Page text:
Decisions from the High Court of Justice in Northern Ireland
This was the first application for summary judgment to enforce an adjudicator’s decision in Northern Ireland. In this case, Ecomesh (the defendant) applied for summary judgment in its favour in the sum of £48,234.39.
Coleraine Skip Hire Ltd (“CSH”) resisted the application on a number of grounds including jurisdiction and that the decision was issued outside the statutory 28-day time limit for an adjudicator’s decision to be published in accordance with the Construction Order.
Mr Justice Weatherup decided that the adjudicator’s decision was issued on time and that there was no issue as to jurisdiction. CSH had also applied for a stay on the grounds of Ecomesh’s financial standing, but Mr Justice Weatherup decided that the financial position of the payee did not warrant a stay on this ground and that Ecomesh had an unanswerable claim for the sum of £48,234.39.
However, the Judge held that the application related to only one part of the claims that were in dispute and that the sum of £48,234.39 should only be paid following the conclusion of the trial which was ongoing. Exercising the discretion of the Court, Mr Justice Weatherup granted a stay pending the outcome of the trial on all of the matters in dispute between parties.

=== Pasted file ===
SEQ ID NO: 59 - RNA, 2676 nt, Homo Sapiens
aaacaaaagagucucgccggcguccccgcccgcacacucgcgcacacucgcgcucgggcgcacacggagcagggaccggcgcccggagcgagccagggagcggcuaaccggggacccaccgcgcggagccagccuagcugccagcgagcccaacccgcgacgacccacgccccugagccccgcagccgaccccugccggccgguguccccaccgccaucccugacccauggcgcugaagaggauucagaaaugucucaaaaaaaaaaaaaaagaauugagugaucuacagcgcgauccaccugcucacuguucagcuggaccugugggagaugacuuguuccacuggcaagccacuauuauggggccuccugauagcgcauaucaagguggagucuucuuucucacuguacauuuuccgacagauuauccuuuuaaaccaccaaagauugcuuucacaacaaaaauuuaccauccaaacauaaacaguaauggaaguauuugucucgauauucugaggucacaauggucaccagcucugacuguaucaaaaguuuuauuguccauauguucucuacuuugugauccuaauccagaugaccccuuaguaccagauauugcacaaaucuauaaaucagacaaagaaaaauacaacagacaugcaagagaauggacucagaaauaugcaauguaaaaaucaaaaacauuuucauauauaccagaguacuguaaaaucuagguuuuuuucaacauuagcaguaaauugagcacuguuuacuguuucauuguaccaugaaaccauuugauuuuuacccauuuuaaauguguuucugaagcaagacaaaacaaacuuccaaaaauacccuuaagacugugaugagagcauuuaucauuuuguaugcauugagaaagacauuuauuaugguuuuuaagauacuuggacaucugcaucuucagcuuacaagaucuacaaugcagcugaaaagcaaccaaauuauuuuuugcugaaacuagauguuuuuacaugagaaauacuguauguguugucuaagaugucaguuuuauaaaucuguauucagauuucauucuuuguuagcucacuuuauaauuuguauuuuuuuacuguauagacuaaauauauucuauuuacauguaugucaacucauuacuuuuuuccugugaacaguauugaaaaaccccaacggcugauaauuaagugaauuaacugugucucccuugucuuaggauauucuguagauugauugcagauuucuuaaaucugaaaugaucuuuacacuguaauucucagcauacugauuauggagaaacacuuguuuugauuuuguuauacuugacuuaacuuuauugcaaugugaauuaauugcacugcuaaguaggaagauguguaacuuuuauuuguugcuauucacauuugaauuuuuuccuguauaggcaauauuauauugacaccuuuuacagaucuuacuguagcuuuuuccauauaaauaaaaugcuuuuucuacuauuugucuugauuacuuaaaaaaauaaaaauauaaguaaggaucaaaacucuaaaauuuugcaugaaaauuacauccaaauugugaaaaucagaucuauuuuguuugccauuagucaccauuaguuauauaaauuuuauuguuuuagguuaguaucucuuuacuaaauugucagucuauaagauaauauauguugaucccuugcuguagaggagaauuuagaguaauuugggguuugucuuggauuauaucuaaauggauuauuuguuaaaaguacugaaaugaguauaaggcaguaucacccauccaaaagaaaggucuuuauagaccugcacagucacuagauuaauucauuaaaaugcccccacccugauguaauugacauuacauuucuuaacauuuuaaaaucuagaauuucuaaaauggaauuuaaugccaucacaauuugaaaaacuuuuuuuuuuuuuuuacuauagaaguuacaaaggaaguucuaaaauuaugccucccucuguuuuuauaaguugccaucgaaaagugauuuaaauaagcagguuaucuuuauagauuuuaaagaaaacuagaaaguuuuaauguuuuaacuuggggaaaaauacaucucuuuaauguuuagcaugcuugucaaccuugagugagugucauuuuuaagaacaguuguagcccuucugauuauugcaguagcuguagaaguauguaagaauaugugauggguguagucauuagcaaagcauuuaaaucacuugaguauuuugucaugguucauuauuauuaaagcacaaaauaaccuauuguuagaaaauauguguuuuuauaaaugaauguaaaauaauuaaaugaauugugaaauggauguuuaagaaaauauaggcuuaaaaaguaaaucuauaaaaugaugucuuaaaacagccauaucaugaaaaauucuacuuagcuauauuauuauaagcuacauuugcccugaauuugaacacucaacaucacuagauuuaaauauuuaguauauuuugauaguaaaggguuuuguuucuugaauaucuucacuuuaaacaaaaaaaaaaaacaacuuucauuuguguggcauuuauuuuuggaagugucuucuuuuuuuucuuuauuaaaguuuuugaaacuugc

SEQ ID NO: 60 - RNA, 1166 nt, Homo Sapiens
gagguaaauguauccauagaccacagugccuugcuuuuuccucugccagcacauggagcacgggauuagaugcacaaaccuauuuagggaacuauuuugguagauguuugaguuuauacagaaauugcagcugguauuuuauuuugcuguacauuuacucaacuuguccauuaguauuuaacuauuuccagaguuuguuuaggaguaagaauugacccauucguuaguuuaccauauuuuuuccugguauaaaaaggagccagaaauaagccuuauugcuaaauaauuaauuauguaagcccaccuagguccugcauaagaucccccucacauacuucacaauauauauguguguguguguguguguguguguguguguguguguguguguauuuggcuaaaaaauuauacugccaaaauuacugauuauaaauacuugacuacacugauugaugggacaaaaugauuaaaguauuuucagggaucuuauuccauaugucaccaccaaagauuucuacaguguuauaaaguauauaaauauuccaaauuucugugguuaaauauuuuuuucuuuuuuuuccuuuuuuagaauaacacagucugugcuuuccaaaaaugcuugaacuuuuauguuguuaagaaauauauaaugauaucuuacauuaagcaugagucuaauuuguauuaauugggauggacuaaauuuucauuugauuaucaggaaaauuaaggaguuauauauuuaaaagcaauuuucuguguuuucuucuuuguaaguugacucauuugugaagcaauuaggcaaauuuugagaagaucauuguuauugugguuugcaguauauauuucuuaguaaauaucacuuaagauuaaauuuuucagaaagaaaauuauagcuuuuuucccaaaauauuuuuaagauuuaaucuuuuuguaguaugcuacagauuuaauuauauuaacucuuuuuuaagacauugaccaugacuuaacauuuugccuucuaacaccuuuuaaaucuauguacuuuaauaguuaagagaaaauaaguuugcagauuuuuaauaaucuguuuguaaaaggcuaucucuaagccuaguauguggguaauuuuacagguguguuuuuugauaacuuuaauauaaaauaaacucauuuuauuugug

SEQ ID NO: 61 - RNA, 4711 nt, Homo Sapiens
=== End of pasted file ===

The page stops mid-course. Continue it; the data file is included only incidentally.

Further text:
Following this case, there was some concern that adjudication might not be as successful in Northern Ireland because a stay was granted in circumstances where the payee’s financial position was satisfactory. The ethos behind construction adjudication is “pay now, argue later” and it is designed to promote cash flow in the construction industry.
D G Williamson Ltd v Northern Ireland Prison Service  NIQB 8 (27 January 2009)
The second application to enforce an adjudicator’s award appeared before the Northern Irish Courts in a case between D G Williamson Ltd (“DGW”) and the Northern Ireland Prison Service (the “Prison Service”). DGW applied to enforce an adjudicator’s decision in its favour in the sum of £261,898.76.
The Prison Service put forward a number of grounds to resist the enforcement of the award including that the adjudicator did not have jurisdiction and that the contract was not in writing. Mr Justice McLaughlin rejected these grounds and then proceeded to consider the Prison Service’s application to order a stay of the enforcement pursuant to Order 14 rule 3(2).
Mr Justice McLaughlin did not grant the stay and awarded judgment in favour of DGW. Mr Justice McLaughlin showed support for construction adjudication in Northern Ireland and stated:
“I am satisfied that the starting point for a court dealing with a request for enforcement of the award of an Adjudicator is that it should work on the assumption that the award ought to be enforced, on a summary basis if necessary. The purpose of the legislation is to ensure speedy payment by dint of a summary process.”